The 1965 D'Oyly Carte Princess Ida
D'Oyly Carte Opera Chorus
Recorded at Decca Studios, West Hampstead
Decca 473 653-2
This was the second of two D'Oyly Carte recordings from 1964-65 led by Sir Malcolm Sargent, his final contributions to the field, in a career that had begun in the 1920s. Of the G&S operas in the D'Oyly Carte repertory at the time this recording was made, Princess Ida was the only one not included in Sargent's "Glyndebourne" series for EMI. This recording, thus, gave Sargent a chance to fill the a significant gap in his personal discography.
As he had done with the 1964 Yeomen, he brought Elizabeth Harwood to the lead soprano part, even though she had no D'Oyly Carte experience in this or any other role. Ann Hood, D'Oyly Carte's stage Ida in 1965, was demoted to Lady Psyche, while the regular Psyche, Valerie Masterson, was demoted to Melissa/Sacharissa. Masterson, by the way, would often play Ida herself later on, so this recording in effect boasts three Idas. Elizabeth Harwood is not a good Ida, and it is difficult to see why she was allowed to record the role. Neither John Reed nor Kenneth Sandford equals their earlier counterparts.
Many listeners find this recording a disappointment. Sargent had a lifelong preference for slow tempi, and this tendency got more pronounced the older he got. (Compare his interpretation of "The woman of the wisest wit" in this recording to his tempo on the 1932 recording, for example.) Incidentally, the recording is notable for retaining the wording, "the negroes they'll be bleaching…," a remarkable solecism for 1965.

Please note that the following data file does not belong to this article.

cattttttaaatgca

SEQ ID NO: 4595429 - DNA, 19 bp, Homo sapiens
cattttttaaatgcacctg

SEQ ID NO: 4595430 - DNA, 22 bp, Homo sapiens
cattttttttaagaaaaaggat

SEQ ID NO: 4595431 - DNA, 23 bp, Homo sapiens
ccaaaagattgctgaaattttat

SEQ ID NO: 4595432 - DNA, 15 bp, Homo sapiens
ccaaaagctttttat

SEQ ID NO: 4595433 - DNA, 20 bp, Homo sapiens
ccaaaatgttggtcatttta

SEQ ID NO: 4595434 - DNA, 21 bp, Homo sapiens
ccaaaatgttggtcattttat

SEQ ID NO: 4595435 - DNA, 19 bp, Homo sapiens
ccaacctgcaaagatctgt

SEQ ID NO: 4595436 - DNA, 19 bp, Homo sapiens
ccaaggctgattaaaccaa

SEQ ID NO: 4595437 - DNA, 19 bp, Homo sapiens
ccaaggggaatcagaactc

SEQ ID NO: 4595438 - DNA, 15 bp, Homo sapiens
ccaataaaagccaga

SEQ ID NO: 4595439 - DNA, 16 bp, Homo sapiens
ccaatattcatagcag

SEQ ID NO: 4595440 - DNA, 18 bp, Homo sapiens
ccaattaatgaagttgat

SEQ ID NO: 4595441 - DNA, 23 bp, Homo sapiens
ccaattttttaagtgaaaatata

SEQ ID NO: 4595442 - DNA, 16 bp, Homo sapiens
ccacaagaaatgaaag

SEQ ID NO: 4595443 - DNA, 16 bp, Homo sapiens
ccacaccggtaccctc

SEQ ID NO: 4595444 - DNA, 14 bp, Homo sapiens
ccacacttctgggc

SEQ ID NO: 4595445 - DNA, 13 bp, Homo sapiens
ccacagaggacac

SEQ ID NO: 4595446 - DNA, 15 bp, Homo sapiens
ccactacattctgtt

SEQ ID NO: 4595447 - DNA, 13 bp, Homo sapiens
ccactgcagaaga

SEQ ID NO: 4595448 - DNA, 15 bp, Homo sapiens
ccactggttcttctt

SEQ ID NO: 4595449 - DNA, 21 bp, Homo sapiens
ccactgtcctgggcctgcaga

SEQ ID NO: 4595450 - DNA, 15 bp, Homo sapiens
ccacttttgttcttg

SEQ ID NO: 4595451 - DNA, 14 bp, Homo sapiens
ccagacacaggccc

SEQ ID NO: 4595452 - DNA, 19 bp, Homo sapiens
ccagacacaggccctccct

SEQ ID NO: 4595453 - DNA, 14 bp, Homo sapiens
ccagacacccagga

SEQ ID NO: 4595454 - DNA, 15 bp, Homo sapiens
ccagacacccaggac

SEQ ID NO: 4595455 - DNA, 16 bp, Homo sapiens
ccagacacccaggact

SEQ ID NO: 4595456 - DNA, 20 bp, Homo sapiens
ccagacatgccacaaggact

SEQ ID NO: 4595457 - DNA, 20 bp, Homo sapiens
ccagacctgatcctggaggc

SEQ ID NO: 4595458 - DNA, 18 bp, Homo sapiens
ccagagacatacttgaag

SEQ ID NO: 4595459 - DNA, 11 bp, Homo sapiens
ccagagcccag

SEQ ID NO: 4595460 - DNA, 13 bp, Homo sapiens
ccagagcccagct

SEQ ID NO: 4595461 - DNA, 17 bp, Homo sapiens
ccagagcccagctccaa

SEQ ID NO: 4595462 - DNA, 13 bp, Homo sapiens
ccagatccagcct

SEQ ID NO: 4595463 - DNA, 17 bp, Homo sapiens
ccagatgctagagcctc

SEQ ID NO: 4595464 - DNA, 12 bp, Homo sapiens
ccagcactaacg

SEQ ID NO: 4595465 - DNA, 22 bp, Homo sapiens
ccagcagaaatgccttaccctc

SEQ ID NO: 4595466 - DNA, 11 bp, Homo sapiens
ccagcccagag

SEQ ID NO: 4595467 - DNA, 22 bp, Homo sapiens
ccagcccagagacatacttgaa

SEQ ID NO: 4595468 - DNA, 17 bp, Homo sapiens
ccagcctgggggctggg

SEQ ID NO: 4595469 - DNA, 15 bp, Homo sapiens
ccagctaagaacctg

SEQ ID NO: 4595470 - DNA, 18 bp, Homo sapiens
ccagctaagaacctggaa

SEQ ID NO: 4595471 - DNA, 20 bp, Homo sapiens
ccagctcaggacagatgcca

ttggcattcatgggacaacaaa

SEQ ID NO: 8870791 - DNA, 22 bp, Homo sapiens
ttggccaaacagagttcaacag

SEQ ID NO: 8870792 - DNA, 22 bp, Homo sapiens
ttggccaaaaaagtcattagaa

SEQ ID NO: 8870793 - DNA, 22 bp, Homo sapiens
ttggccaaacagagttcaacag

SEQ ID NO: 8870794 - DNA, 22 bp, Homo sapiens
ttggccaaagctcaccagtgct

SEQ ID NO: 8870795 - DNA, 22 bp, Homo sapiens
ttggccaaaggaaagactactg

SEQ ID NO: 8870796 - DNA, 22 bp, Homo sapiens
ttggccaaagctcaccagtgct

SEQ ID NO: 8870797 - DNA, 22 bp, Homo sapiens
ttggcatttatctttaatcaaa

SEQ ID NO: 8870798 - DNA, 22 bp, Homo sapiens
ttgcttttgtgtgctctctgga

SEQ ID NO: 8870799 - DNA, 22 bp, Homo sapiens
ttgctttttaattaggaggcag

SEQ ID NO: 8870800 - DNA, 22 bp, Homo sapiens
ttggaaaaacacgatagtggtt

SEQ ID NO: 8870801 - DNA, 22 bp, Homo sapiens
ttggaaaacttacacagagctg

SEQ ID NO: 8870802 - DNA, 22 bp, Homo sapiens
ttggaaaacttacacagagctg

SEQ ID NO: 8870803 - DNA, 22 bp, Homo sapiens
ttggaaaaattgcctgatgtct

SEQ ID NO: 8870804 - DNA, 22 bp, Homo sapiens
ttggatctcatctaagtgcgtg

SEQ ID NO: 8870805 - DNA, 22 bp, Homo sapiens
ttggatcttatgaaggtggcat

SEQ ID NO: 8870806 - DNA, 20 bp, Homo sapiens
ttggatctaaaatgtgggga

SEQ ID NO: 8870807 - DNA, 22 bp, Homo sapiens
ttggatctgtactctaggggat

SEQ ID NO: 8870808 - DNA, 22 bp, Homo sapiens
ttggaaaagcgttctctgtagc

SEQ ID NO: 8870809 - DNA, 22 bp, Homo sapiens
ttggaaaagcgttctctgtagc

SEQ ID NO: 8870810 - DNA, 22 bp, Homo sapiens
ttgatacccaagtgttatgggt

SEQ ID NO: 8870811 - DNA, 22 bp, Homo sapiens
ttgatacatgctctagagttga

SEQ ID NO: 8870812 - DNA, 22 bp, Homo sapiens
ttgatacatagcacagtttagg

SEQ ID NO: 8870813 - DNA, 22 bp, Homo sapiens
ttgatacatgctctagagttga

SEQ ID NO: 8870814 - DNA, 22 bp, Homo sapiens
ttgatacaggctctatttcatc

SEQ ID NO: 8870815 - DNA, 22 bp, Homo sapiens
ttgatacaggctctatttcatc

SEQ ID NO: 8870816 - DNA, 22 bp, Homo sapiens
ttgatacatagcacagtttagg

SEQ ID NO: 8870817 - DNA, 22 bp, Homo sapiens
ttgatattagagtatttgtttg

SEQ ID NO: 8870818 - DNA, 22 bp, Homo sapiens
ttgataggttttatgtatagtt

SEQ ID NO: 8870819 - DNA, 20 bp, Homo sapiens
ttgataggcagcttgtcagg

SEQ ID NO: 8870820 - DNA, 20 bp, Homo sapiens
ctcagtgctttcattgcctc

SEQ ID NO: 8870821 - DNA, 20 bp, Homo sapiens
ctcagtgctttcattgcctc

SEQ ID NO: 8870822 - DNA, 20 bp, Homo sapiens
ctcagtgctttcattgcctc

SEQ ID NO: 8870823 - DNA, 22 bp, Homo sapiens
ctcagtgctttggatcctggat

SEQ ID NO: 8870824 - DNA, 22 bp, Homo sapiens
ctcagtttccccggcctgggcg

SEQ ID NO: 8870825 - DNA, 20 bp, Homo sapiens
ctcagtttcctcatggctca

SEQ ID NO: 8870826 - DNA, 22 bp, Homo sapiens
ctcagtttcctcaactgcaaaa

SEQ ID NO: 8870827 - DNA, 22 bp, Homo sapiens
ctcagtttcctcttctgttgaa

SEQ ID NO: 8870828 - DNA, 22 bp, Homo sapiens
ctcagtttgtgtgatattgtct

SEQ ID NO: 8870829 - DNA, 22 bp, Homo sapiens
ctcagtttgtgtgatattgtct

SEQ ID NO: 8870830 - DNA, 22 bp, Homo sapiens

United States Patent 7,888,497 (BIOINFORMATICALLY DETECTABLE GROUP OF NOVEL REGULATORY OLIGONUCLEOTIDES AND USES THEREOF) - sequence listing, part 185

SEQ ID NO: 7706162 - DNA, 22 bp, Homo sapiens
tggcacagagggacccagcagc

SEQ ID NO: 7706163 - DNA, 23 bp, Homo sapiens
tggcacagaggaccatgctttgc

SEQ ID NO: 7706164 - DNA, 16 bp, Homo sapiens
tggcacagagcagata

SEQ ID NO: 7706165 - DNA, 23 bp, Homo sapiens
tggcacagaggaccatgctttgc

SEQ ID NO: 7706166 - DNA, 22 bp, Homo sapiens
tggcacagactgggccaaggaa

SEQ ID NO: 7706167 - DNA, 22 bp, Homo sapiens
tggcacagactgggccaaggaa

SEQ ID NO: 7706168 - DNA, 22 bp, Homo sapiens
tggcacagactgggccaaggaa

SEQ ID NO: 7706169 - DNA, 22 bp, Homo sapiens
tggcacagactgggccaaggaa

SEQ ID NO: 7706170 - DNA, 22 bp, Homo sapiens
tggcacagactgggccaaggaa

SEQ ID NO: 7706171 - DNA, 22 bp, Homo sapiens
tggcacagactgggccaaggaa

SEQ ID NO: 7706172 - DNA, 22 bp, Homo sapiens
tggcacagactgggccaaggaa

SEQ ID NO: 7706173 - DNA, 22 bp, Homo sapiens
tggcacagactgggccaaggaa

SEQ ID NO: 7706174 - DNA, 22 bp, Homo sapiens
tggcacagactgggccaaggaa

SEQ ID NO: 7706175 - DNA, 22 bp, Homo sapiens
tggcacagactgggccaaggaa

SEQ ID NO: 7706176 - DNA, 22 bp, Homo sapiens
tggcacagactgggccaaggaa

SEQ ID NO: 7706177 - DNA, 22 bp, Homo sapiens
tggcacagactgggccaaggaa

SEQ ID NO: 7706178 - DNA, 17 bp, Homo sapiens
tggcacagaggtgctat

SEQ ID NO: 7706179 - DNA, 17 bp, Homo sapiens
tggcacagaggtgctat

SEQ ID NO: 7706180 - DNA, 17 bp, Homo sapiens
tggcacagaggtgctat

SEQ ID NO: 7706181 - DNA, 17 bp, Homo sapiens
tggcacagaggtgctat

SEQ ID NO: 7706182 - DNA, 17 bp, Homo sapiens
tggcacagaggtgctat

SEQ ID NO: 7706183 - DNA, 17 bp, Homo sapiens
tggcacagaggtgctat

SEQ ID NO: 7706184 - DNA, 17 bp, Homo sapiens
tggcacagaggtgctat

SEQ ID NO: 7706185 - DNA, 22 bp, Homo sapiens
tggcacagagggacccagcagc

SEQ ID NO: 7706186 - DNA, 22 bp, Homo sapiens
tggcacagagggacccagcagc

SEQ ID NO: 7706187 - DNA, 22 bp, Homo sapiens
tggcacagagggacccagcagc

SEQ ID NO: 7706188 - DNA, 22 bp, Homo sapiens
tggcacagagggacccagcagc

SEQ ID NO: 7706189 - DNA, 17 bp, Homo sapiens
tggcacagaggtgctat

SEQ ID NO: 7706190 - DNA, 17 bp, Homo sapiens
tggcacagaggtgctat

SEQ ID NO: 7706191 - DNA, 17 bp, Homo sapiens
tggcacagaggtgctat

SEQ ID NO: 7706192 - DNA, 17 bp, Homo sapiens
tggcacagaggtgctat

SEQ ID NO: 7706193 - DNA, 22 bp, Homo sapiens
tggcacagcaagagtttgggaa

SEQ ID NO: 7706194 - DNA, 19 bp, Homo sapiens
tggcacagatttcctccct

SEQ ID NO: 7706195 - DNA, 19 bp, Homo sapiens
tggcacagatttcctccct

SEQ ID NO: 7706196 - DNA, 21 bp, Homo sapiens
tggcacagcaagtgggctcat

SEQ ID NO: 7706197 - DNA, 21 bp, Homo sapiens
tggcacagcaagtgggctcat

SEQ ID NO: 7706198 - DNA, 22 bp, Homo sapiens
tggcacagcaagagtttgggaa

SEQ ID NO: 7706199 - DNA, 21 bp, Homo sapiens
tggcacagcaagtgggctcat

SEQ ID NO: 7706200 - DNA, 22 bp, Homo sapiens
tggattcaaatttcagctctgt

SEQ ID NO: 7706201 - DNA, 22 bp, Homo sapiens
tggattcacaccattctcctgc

Tom Shepard adds:
The Sargent Tempos in 1965 are almost perverse: the fastest "Sing hoity toity" and the most clangerous (this is probably not a real word) three brothers. Throughout I feel that Sir Malcolm was trying to oversell all his points, unlike his '32 Ida.
Tony Watson adds:
I think that Michael Walters is too critical in his review of the 1966 Princess Ida. For me, the sound qualitiy alone is enough to recommend it: it is an example of Decca engineering at its best with an orchestra on top form perfectly balanced with chorus and soloists. Also, D'Oyly Carte had the sense to restore the female chorus to the end of Act One for the recording. It was the practice at the time for the women to exit after "Oh dainty triolet" in performances because it was felt unseemly for ladies to sing about military drums and such stuff! Also, it is unfair to say that Sargent's tempi are too slow. I saw a D'Oyly Carte performance in 1978 (obviously without Sargent), and tempi were just the same.
Few G&S operas have been recorded less often than Princess Ida. This is still the only professional stereo recording. It has been re-issued on CD with Pineapple Poll, a 1983 recording with the Philharmonia Orchestra conducted by Sir Charles Mackerras.
|1965||Decca||Mono LP||LK 4708/9
|The catalog numbers containing 'A' are Australian pressings.|
|Stereo LP||SLK 4708/9|
|London||Mono LP||A 4262|
|Stereo LP||OSA 1262|
|196-?||World Record Club||Stereo LP||W.R.C.-S/4834-5||Australian release, licensed from Decca|
|Late 1960s||Decca||Mono LP||LK 4845
|Highlights. The catalog numbers containing 'A' are Australian pressings.|
|Stereo LP||SKL 4845|
|198-?||World Record Club||Stereo LP||S/4834-5|
|1984||Decca||Stereo LP||414 426-1||Digitally remastered|
|1993||London/Decca||CD||436 810-2||With Pineapple Poll (Mackerras, 1983)|
|2003||Decca||CD||473 631-2||24-CD set including the complete Decca G&S series on CD (13 G&S operas, plus Cox and Box and The Zoo).|